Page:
Hello, internet friends. It is time, once again, to meet the Angry Reader of the Week, spotlighting you, the very special readers of this website. Over the years, I've been able to connect with a lot of cool folks, and this is a way of showing some appreciation and attention to the people who help make this blog what it is. This week's Angry Reader is Catzie Vilayphonh.
Who are you?
What are you?
I am Lao American, woman, artist and writer. I'm a refugee, who has never met my grandparents or any family outside my mom, dad and sister, and since I was born in camp, I've never been to the country I'm supposedly from. I'm a daughter and a mother.
Where are you?
I'm in Philly, South Philly to be exact. Where I live has been a place where many refugees and people of color live as well, so there's always great food, and you get to experience cultures that you may not have ever have, say living somewhere else.
Where are you from?
That's a trick question right?
What do you do?
I run Laos In The House, aimed at promoting story-telling in the Lao American refugee community through the means of art. In 2015 I curated a gallery exhibit as a way to highlight Lao artists -- 'cause lets be honest, it's kinda hard find us -- and as a means to show all the creative ways our stories can be told. I originally envisioned people being inspired to send their old photos with stories of their family's struggles and successes becoming American, but I learned that those stories are also valuable to the ones who hold them. So I started photographing people wherever I went, interviewing them along the way, and that turned into me documenting some of the stories in a video series. That's also how I learned photography and filmmaking, because no budget equals creativity challenge!
I also recently just joined the team at Black Star Film Festival, which highlights films by people of color and explores themes of blackness, how it permeates so many other cultures and ethnicities, not just African American. In addition, I am a Board Member for 1Love Movement which fights for unjust deportation of Southeast Asian refugees, and I am currently appointed to the Mayor's Commission of Asian American Affairs in Philadelphia, so I guess I "do" a lot of community work.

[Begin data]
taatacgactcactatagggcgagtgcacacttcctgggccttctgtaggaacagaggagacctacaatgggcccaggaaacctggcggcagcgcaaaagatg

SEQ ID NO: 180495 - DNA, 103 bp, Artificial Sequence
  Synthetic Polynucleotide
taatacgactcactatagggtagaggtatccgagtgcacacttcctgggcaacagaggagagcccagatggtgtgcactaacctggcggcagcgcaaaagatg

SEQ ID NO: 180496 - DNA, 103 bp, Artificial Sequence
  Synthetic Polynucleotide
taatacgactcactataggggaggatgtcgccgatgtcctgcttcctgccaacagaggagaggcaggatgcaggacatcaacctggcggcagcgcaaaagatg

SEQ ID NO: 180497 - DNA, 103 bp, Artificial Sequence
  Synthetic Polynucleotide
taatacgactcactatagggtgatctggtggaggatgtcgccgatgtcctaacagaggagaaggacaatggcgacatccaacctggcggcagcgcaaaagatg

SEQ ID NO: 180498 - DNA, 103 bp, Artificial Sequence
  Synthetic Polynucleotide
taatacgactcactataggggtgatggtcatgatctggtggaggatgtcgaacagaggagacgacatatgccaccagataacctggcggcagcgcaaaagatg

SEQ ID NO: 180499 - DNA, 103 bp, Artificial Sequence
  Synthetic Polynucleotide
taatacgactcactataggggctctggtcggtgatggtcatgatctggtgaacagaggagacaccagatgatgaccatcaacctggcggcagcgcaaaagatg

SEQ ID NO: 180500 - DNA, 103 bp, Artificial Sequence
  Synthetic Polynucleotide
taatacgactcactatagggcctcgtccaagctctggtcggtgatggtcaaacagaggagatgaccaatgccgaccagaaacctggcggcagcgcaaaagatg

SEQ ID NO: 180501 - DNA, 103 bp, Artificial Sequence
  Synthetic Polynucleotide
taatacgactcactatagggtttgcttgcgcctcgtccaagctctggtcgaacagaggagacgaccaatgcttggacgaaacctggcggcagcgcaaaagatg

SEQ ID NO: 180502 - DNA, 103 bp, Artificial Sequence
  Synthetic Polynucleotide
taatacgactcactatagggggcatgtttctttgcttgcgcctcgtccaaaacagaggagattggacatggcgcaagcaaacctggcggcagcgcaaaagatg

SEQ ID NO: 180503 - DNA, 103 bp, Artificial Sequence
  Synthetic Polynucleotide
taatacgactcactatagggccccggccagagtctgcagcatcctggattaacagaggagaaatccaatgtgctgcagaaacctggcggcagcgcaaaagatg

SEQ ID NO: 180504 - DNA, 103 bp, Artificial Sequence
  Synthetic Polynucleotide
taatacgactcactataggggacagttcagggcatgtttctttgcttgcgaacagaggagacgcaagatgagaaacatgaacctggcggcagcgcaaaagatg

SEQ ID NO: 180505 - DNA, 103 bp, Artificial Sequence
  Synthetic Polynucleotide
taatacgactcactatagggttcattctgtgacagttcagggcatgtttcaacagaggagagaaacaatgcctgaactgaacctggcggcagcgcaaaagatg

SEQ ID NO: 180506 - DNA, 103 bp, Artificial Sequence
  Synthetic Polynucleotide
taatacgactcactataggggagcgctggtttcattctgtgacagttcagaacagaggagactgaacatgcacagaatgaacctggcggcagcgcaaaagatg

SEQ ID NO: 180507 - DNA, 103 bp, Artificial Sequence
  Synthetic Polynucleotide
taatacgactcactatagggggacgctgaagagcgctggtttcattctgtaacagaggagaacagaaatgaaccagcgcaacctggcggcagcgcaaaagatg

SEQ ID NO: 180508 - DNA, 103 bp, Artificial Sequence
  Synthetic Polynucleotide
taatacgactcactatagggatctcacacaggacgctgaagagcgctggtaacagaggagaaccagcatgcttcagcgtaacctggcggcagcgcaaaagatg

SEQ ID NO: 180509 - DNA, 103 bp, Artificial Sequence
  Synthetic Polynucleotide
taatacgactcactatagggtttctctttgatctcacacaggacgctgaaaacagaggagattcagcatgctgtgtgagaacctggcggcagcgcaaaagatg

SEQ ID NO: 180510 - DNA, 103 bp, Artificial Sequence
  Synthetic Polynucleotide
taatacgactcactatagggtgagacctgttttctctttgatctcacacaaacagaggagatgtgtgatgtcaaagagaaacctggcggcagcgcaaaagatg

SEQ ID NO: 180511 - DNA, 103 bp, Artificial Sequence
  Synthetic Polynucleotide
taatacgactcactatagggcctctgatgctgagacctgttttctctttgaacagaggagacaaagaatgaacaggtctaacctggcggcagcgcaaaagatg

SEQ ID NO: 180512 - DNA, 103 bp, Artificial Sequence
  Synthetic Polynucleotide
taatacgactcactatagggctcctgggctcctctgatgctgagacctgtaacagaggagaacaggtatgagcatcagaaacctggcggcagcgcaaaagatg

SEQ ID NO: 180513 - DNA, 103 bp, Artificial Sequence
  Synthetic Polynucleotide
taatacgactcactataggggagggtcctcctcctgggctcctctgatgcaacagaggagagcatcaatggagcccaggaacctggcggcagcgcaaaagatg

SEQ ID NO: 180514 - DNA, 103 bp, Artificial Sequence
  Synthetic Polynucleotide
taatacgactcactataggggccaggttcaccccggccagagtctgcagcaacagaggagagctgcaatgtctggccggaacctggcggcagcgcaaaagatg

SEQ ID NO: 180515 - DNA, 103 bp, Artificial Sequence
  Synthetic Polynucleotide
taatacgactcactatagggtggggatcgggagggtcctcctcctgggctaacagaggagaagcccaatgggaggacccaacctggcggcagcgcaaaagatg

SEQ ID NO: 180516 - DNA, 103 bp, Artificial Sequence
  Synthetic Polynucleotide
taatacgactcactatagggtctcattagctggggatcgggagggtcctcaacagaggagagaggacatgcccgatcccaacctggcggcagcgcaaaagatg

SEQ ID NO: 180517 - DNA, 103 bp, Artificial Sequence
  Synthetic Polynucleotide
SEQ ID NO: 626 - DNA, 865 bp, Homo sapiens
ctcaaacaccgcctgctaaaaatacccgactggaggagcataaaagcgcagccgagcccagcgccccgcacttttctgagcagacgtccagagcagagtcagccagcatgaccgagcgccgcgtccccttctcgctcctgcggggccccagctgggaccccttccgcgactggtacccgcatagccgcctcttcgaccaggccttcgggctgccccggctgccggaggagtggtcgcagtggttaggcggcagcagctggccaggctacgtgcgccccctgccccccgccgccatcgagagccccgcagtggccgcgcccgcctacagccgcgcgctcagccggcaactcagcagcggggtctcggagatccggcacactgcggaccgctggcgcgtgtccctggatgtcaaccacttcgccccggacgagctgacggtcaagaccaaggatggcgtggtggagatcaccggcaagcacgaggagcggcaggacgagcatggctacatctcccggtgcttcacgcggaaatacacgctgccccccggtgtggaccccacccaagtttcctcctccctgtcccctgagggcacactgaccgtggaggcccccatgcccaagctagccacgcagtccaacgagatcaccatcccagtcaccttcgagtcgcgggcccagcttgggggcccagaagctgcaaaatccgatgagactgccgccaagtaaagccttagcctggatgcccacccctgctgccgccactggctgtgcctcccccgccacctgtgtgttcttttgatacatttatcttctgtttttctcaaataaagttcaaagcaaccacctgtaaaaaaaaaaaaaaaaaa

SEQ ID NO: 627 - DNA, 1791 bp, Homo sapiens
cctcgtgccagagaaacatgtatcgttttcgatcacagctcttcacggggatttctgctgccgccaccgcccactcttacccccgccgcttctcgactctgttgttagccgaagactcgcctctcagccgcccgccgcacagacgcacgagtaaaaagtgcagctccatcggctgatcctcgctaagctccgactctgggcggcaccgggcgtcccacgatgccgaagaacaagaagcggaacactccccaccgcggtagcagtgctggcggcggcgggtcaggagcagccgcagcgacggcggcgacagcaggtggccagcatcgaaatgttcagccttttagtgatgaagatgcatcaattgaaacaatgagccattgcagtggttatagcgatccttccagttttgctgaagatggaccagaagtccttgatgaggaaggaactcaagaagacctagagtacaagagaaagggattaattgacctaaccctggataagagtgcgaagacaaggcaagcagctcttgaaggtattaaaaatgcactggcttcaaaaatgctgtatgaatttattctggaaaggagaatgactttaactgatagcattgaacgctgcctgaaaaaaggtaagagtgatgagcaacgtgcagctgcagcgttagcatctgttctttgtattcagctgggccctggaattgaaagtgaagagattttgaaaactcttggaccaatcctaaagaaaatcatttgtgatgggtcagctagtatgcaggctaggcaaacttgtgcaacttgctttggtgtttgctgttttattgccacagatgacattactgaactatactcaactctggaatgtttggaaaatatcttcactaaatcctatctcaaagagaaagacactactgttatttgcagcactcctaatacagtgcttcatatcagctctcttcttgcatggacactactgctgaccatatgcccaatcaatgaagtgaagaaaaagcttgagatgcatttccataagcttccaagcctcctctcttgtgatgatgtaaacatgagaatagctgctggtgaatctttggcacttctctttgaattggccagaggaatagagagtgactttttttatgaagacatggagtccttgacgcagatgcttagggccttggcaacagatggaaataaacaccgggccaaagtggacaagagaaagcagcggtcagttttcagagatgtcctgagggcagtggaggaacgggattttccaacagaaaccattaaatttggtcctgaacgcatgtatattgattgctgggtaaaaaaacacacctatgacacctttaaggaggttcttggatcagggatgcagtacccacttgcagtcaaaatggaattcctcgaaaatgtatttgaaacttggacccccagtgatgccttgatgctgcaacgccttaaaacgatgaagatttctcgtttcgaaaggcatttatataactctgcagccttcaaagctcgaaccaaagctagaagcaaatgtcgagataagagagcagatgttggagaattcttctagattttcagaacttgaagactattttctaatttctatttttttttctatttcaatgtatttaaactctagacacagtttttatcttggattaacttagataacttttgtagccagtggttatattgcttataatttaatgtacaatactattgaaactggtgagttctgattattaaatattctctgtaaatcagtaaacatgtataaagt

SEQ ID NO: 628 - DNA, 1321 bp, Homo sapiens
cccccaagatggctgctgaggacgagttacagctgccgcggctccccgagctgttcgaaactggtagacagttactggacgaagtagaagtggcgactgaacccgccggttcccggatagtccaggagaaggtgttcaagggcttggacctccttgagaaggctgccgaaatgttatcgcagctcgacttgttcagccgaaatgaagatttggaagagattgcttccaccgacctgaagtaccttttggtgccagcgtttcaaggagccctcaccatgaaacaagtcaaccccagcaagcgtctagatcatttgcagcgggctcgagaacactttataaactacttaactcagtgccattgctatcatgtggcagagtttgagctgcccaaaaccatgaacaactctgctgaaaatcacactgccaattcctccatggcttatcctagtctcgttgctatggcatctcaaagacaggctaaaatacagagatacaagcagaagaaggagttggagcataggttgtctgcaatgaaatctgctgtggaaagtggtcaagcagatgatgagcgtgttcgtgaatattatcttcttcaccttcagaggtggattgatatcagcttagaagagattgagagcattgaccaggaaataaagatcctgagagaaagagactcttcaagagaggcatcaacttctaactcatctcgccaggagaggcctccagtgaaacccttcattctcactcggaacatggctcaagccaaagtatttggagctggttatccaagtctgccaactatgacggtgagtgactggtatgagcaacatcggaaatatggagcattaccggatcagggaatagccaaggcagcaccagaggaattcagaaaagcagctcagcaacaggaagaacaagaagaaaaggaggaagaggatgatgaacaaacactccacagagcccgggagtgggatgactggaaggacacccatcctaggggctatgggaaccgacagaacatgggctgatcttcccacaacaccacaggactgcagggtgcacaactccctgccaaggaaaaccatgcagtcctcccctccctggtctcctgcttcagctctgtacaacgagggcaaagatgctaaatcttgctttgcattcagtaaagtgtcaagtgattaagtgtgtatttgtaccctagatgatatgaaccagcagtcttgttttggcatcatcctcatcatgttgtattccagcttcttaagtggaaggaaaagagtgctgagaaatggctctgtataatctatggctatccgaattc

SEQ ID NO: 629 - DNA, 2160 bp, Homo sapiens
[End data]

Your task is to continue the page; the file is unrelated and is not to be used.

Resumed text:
Lastly, I'm working on my first book of poetry, to be published by Sahtu Press, tentatively scheduled for this year. I say tentatively because I prefer to spend my time making videos with my daughter Aditi.
What are you all about?
I'm all for getting stories told, especially for the people who never get to be in the spotlight. For as long as I've been in the community of Asian American activism, it was weird to me that many didn't know the story of why Lao Americans were in this country, even more strange that some of our own people didn't know that story either. So looking into it, I learned about the U.S. Secret War in Laos and the unexploded bombs left behind from it, why some elders didn't tell their children or grandchildren about the traumas they've been through, why America simply didn't care enough about us. But from that, I also learned why art wasn't a priority in our community, not that they didn't care about what we young kids were doing, but where they're from, art was like this elite privilege you don't get to have when you can only think of survival. So I use art as a tool to help tell stories and make it accessible to those whose story they represent. Art is great in that way, it's not demanding or invasive, but gives you the choice to see it, but also to like or dislike it. If you end up having an opinion about it, that's art doing it's job. If it inspires you to do better or challenge something in your life, then it becomes social change.
What makes you angry?
I feel like there's a meta moment here, Angry Asian Man asking me, a Yellow Rage co-founder, what makes me angry -- ha! I'm angry at a lot, but rather than giving those things a shout out, I'm just gonna channel all that into finishing this book.